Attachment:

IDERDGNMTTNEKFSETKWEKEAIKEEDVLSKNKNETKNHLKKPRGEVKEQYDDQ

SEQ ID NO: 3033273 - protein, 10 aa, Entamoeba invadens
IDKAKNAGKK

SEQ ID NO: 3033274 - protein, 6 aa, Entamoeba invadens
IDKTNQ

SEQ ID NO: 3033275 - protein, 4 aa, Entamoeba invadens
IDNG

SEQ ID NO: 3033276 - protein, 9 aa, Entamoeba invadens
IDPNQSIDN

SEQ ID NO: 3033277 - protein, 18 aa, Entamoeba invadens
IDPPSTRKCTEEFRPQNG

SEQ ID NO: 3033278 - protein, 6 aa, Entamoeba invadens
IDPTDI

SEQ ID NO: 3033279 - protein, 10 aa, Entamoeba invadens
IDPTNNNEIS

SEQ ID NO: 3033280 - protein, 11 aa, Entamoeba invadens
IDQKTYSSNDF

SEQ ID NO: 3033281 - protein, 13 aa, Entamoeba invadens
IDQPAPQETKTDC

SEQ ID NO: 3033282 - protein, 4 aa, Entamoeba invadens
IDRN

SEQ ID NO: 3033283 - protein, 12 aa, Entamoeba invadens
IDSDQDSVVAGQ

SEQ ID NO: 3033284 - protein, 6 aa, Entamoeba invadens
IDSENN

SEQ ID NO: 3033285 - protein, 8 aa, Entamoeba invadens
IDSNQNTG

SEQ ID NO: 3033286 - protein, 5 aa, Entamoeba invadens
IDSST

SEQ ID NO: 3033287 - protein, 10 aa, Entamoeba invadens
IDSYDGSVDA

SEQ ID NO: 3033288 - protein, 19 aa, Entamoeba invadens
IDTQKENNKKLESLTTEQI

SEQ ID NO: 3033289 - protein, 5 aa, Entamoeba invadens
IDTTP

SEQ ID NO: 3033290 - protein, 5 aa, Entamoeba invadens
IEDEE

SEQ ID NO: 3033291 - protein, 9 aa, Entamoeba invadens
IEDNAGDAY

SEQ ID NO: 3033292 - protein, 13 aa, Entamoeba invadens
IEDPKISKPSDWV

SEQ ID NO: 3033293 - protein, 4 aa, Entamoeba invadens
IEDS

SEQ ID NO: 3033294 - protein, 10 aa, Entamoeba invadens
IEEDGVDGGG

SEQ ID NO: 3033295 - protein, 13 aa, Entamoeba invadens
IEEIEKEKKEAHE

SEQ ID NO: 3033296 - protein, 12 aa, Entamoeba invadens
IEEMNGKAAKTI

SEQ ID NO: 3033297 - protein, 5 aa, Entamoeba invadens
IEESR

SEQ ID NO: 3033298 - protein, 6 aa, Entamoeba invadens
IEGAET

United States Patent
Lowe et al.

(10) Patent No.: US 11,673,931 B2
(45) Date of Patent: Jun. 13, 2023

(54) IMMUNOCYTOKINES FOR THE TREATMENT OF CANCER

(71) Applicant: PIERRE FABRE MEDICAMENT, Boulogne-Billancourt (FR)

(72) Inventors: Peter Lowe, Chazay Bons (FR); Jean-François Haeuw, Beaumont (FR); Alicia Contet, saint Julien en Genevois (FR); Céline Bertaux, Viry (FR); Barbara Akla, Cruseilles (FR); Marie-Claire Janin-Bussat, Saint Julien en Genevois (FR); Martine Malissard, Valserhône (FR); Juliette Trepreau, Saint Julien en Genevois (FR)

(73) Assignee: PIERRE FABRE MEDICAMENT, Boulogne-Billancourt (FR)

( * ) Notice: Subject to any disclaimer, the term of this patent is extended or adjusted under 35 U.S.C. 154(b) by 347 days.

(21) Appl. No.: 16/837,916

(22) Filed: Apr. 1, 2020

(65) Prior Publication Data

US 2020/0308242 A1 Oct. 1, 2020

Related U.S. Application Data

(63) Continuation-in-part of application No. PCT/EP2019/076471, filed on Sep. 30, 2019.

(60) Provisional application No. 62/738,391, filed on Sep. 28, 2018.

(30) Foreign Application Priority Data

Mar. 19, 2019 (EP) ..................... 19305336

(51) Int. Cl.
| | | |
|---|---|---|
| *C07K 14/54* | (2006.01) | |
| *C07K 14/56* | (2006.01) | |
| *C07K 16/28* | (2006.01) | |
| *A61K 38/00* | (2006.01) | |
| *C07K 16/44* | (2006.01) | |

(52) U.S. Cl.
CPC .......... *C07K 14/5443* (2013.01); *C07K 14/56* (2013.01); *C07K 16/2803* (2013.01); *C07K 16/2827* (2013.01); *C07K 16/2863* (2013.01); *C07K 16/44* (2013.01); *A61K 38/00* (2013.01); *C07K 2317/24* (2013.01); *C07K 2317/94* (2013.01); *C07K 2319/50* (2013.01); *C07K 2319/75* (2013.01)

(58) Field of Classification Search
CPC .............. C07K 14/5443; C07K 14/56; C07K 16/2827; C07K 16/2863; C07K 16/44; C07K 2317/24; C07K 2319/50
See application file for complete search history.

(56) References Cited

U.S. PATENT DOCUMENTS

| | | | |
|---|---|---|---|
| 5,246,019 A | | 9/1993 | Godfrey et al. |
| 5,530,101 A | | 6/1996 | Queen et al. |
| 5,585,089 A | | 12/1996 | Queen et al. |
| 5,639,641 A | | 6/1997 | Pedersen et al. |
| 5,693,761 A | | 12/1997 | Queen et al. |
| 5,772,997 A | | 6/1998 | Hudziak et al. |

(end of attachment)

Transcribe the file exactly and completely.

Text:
IDERDGNMTTNEKFSETKWEKEAIKEEDVLSKNKNETKNHLKKPRGEVKEQYDDQ

SEQ ID NO: 3033273 - protein, 10 aa, Entamoeba invadens
IDKAKNAGKK

SEQ ID NO: 3033274 - protein, 6 aa, Entamoeba invadens
IDKTNQ

SEQ ID NO: 3033275 - protein, 4 aa, Entamoeba invadens
IDNG

SEQ ID NO: 3033276 - protein, 9 aa, Entamoeba invadens
IDPNQSIDN

SEQ ID NO: 3033277 - protein, 18 aa, Entamoeba invadens
IDPPSTRKCTEEFRPQNG

SEQ ID NO: 3033278 - protein, 6 aa, Entamoeba invadens
IDPTDI

SEQ ID NO: 3033279 - protein, 10 aa, Entamoeba invadens
IDPTNNNEIS

SEQ ID NO: 3033280 - protein, 11 aa, Entamoeba invadens
IDQKTYSSNDF

SEQ ID NO: 3033281 - protein, 13 aa, Entamoeba invadens
IDQPAPQETKTDC

SEQ ID NO: 3033282 - protein, 4 aa, Entamoeba invadens
IDRN

SEQ ID NO: 3033283 - protein, 12 aa, Entamoeba invadens
IDSDQDSVVAGQ

SEQ ID NO: 3033284 - protein, 6 aa, Entamoeba invadens
IDSENN

SEQ ID NO: 3033285 - protein, 8 aa, Entamoeba invadens
IDSNQNTG

SEQ ID NO: 3033286 - protein, 5 aa, Entamoeba invadens
IDSST

SEQ ID NO: 3033287 - protein, 10 aa, Entamoeba invadens
IDSYDGSVDA

SEQ ID NO: 3033288 - protein, 19 aa, Entamoeba invadens
IDTQKENNKKLESLTTEQI

SEQ ID NO: 3033289 - protein, 5 aa, Entamoeba invadens
IDTTP

SEQ ID NO: 3033290 - protein, 5 aa, Entamoeba invadens
IEDEE

SEQ ID NO: 3033291 - protein, 9 aa, Entamoeba invadens
IEDNAGDAY

SEQ ID NO: 3033292 - protein, 13 aa, Entamoeba invadens
IEDPKISKPSDWV

SEQ ID NO: 3033293 - protein, 4 aa, Entamoeba invadens
IEDS

SEQ ID NO: 3033294 - protein, 10 aa, Entamoeba invadens
IEEDGVDGGG

SEQ ID NO: 3033295 - protein, 13 aa, Entamoeba invadens
IEEIEKEKKEAHE

SEQ ID NO: 3033296 - protein, 12 aa, Entamoeba invadens
IEEMNGKAAKTI

SEQ ID NO: 3033297 - protein, 5 aa, Entamoeba invadens
IEESR

SEQ ID NO: 3033298 - protein, 6 aa, Entamoeba invadens
IEGAET

United States Patent
Lowe et al.

(10) Patent No.: US 11,673,931 B2
(45) Date of Patent: Jun. 13, 2023

(54) IMMUNOCYTOKINES FOR THE TREATMENT OF CANCER

(71) Applicant: PIERRE FABRE MEDICAMENT, Boulogne-Billancourt (FR)

(72) Inventors: Peter Lowe, Chazay Bons (FR); Jean-François Haeuw, Beaumont (FR); Alicia Contet, saint Julien en Genevois (FR); Céline Bertaux, Viry (FR); Barbara Akla, Cruseilles (FR); Marie-Claire Janin-Bussat, Saint Julien en Genevois (FR); Martine Malissard, Valserhône (FR); Juliette Trepreau, Saint Julien en Genevois (FR)

(73) Assignee: PIERRE FABRE MEDICAMENT, Boulogne-Billancourt (FR)

( * ) Notice: Subject to any disclaimer, the term of this patent is extended or adjusted under 35 U.S.C. 154(b) by 347 days.

(21) Appl. No.: 16/837,916

(22) Filed: Apr. 1, 2020

(65) Prior Publication Data

US 2020/0308242 A1 Oct. 1, 2020

Related U.S. Application Data

(63) Continuation-in-part of application No. PCT/EP2019/076471, filed on Sep. 30, 2019.

(60) Provisional application No. 62/738,391, filed on Sep. 28, 2018.

(30) Foreign Application Priority Data

Mar. 19, 2019 (EP) ..................... 19305336

(51) Int. Cl.
| | | |
|---|---|---|
| *C07K 14/54* | (2006.01) | |
| *C07K 14/56* | (2006.01) | |
| *C07K 16/28* | (2006.01) | |
| *A61K 38/00* | (2006.01) | |
| *C07K 16/44* | (2006.01) | |

(52) U.S. Cl.
CPC .......... *C07K 14/5443* (2013.01); *C07K 14/56* (2013.01); *C07K 16/2803* (2013.01); *C07K 16/2827* (2013.01); *C07K 16/2863* (2013.01); *C07K 16/44* (2013.01); *A61K 38/00* (2013.01); *C07K 2317/24* (2013.01); *C07K 2317/94* (2013.01); *C07K 2319/50* (2013.01); *C07K 2319/75* (2013.01)

(58) Field of Classification Search
CPC .............. C07K 14/5443; C07K 14/56; C07K 16/2827; C07K 16/2863; C07K 16/44; C07K 2317/24; C07K 2319/50
See application file for complete search history.

(56) References Cited

U.S. PATENT DOCUMENTS

| | | | |
|---|---|---|---|
| 5,246,019 A | | 9/1993 | Godfrey et al. |
| 5,530,101 A | | 6/1996 | Queen et al. |
| 5,585,089 A | | 12/1996 | Queen et al. |
| 5,639,641 A | | 6/1997 | Pedersen et al. |
| 5,693,761 A | | 12/1997 | Queen et al. |
| 5,772,997 A | | 6/1998 | Hudziak et al. |